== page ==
A Very Minimal Gap Semester

Graduating was the best thing to ever happen to me. Not because school was over (because I got grad school sooo, it’s not) but because I have never felt that much of a strong sense of accomplishment. For me, my college degree is something that I am so proud of, it makes it into my morning affirmations every day.

I was officially able to graduate with my degree in Chemistry this past December and originally tried to apply for spring acceptance into a graduate program. However, I quickly learned that it just wasn’t going to work out, and to increase my chances of being funded for my degree, I needed to start school in the fall. This created this awkward gap semester, and there wasn’t a lot of time to plan out something “cool” to do, so I was kind of forced to wing it a little bit. However, now that I’ve committed to a program, and that stress is slightly alleviated, I am thankful I have had this time away from being a full-time student.

Although I posted it on my Instagram a lot, my plan has been to get my graduate degree in environmental engineering. However, because my undergraduate was not in engineering, I am basically all but completely unqualified to be getting said graduate degree.

I started spending a lot more time outside during my gap semester, which was very needed after 3 years of spending summers inside a lab.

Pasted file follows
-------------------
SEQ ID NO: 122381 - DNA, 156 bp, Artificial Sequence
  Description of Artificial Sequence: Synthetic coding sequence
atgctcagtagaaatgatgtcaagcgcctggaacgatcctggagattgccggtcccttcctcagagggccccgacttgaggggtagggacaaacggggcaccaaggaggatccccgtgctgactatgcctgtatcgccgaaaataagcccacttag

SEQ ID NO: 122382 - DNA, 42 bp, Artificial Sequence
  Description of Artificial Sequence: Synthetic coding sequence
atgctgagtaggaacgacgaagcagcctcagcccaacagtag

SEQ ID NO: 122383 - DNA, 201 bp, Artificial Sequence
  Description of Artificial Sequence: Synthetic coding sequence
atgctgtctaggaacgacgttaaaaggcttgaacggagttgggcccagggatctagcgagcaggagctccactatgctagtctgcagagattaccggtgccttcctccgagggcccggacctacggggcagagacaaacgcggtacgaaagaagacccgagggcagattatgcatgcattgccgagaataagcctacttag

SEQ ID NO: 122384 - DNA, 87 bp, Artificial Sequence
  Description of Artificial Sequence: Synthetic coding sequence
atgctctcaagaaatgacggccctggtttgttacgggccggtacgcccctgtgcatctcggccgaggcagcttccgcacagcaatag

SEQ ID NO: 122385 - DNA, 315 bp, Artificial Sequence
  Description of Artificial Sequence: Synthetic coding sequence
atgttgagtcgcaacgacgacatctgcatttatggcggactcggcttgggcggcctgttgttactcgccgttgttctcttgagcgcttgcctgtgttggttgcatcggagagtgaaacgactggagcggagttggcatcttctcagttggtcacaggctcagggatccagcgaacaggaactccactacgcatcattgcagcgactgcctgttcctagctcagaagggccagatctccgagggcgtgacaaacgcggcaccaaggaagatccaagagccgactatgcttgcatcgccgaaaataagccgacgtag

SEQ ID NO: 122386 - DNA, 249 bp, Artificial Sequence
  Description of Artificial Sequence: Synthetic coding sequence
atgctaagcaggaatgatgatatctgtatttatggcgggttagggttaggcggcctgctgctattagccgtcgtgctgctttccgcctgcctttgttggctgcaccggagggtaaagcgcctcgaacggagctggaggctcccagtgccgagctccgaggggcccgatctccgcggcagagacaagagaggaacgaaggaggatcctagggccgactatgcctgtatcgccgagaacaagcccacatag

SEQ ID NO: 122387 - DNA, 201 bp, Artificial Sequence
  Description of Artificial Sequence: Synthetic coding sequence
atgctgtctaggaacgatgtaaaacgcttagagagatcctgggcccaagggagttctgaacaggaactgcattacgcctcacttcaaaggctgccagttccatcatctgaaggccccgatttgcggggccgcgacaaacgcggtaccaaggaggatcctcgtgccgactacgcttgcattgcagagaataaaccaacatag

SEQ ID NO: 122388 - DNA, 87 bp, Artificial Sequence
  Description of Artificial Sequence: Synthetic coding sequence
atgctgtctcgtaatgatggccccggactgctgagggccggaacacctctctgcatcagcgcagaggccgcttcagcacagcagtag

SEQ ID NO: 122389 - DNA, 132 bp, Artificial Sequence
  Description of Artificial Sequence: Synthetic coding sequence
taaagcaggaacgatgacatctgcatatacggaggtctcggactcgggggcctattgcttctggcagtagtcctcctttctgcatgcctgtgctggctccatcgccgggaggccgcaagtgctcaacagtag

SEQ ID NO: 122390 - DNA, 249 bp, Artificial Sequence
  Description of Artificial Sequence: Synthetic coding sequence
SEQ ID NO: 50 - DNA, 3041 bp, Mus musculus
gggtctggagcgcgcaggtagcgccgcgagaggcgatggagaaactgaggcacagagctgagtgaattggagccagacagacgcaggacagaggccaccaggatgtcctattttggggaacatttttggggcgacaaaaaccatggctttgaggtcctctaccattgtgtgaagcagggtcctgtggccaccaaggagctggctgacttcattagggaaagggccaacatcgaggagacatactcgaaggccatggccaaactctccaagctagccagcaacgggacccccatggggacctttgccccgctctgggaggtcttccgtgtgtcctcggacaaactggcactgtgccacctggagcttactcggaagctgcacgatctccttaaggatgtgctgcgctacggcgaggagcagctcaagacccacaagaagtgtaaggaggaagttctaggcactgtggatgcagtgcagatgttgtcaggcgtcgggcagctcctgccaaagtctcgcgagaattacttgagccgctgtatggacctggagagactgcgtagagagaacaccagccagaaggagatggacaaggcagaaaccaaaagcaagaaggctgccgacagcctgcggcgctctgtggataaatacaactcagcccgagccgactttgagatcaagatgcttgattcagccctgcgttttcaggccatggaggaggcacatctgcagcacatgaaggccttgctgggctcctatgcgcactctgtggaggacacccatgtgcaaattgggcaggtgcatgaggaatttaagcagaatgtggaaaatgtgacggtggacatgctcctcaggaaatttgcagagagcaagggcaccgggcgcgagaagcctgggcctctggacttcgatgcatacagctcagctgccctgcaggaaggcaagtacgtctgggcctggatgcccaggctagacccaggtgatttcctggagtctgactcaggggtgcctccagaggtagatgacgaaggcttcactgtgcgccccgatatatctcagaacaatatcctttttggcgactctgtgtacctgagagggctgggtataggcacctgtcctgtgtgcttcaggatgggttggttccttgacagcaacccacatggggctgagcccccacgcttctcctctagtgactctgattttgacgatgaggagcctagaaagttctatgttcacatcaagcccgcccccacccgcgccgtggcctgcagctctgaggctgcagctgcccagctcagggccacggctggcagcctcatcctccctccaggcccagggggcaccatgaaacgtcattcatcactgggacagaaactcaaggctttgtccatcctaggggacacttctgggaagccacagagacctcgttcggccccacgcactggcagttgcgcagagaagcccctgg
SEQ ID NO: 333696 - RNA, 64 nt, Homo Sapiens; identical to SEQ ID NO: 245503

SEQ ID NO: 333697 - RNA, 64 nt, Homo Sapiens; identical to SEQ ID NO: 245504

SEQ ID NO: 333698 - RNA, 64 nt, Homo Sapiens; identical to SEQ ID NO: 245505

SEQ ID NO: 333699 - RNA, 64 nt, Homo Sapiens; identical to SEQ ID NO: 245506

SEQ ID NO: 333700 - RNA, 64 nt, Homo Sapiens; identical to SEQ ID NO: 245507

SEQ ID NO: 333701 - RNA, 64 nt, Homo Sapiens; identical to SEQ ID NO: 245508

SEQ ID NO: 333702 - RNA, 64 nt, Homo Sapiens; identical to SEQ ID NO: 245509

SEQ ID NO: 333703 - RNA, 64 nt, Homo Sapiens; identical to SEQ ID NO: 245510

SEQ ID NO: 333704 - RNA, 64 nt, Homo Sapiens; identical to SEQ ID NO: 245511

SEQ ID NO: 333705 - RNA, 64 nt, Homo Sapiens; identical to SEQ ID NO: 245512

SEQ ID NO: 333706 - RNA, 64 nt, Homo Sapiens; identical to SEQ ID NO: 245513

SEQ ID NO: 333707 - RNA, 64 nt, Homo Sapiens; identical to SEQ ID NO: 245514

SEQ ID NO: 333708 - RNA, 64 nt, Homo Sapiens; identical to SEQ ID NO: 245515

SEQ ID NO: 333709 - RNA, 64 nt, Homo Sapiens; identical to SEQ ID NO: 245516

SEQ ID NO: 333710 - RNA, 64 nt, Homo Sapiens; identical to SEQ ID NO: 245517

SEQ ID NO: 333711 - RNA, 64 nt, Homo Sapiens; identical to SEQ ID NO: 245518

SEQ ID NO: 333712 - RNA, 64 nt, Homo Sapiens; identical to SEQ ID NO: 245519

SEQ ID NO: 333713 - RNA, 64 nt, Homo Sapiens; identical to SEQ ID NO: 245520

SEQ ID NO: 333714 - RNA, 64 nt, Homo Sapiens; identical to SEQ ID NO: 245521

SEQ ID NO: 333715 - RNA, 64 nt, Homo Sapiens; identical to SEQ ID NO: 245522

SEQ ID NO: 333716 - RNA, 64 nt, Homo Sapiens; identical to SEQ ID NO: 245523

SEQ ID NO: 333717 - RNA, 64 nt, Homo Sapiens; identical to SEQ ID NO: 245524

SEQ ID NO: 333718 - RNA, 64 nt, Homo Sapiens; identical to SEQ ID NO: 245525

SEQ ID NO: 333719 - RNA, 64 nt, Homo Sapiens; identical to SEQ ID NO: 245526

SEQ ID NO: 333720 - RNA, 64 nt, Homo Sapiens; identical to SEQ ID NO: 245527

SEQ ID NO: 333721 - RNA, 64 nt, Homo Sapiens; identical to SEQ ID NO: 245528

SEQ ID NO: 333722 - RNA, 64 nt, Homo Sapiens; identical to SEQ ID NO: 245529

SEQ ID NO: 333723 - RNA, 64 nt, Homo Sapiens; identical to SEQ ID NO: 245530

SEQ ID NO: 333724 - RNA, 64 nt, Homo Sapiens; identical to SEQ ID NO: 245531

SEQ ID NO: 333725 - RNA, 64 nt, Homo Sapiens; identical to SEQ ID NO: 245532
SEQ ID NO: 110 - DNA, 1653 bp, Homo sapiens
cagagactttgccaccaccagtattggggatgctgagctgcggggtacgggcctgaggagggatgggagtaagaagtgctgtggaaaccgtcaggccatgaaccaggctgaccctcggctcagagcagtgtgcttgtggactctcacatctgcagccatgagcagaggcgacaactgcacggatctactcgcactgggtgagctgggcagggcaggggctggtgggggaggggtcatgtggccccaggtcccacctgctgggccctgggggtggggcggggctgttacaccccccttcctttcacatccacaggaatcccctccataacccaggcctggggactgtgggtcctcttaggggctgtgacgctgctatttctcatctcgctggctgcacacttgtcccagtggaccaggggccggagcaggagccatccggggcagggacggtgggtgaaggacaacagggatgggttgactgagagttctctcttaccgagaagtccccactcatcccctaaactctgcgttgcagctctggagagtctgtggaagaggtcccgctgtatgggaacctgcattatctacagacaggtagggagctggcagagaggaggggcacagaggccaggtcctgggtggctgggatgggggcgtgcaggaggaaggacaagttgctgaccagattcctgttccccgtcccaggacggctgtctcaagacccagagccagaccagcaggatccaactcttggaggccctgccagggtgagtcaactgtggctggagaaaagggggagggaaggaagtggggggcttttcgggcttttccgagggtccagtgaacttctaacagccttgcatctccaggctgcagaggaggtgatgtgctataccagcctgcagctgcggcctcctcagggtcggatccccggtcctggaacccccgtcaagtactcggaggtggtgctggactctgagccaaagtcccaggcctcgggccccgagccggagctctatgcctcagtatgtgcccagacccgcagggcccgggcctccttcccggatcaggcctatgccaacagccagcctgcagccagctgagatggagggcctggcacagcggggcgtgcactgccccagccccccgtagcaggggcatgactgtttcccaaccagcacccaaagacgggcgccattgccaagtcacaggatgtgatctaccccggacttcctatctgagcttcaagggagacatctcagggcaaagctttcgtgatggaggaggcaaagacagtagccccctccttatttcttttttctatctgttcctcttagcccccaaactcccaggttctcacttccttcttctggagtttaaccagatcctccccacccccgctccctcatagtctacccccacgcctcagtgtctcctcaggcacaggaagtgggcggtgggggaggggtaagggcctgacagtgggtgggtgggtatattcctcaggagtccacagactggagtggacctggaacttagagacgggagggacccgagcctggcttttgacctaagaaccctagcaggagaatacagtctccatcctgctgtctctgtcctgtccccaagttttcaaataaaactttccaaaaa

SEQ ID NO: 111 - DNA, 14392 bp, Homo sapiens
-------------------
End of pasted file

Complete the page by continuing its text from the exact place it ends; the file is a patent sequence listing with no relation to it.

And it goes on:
After talking to every school’s department, I made a list of classes that would be the best for me to take, matched that up with what was available (and I could physically get to since I did not have a car and license at this point in time). And that was it! I was enrolled part time for the semester at the same place I just finished my undergraduate.

It was a 2.5-hour train ride each way to get to my university. I would wake up, take the train, go to class for an hour, take the next train back, and be home in time to get to my shift at work if I had one. I was really frustrated by this arrangement since I just couldn’t find it comfortable enough to actually get anything done on the train, and after I did the math for the week, my commute was basically like having another full-time job. Thankfully this all picked up after I got my license!

After I had more free time from the new freedom of driving- I began using my free time to work on my personal health- something largely neglected during my undergraduate. I focused on eating healthier, going to the gym more often, and learning to speak to myself kindly.

Here’s a small list of things I have been able to take away from my graduate semester:

  • Spending at least some time outdoors does wonders
  • Say at least one kind thing to yourself every day
  • Sleep is very (I cannot stress this enough) very important
  • Reflection upon your long and short term goals helps to¬†keep you motivated.

I am thankful that, although my gap time was not spent traveling the world or gaining some practical experience through an internship of some kind, that I was able to have the time to work on developing myself! I think it was a large personal growth period that will only help me keep grounded during my time in graduate school.

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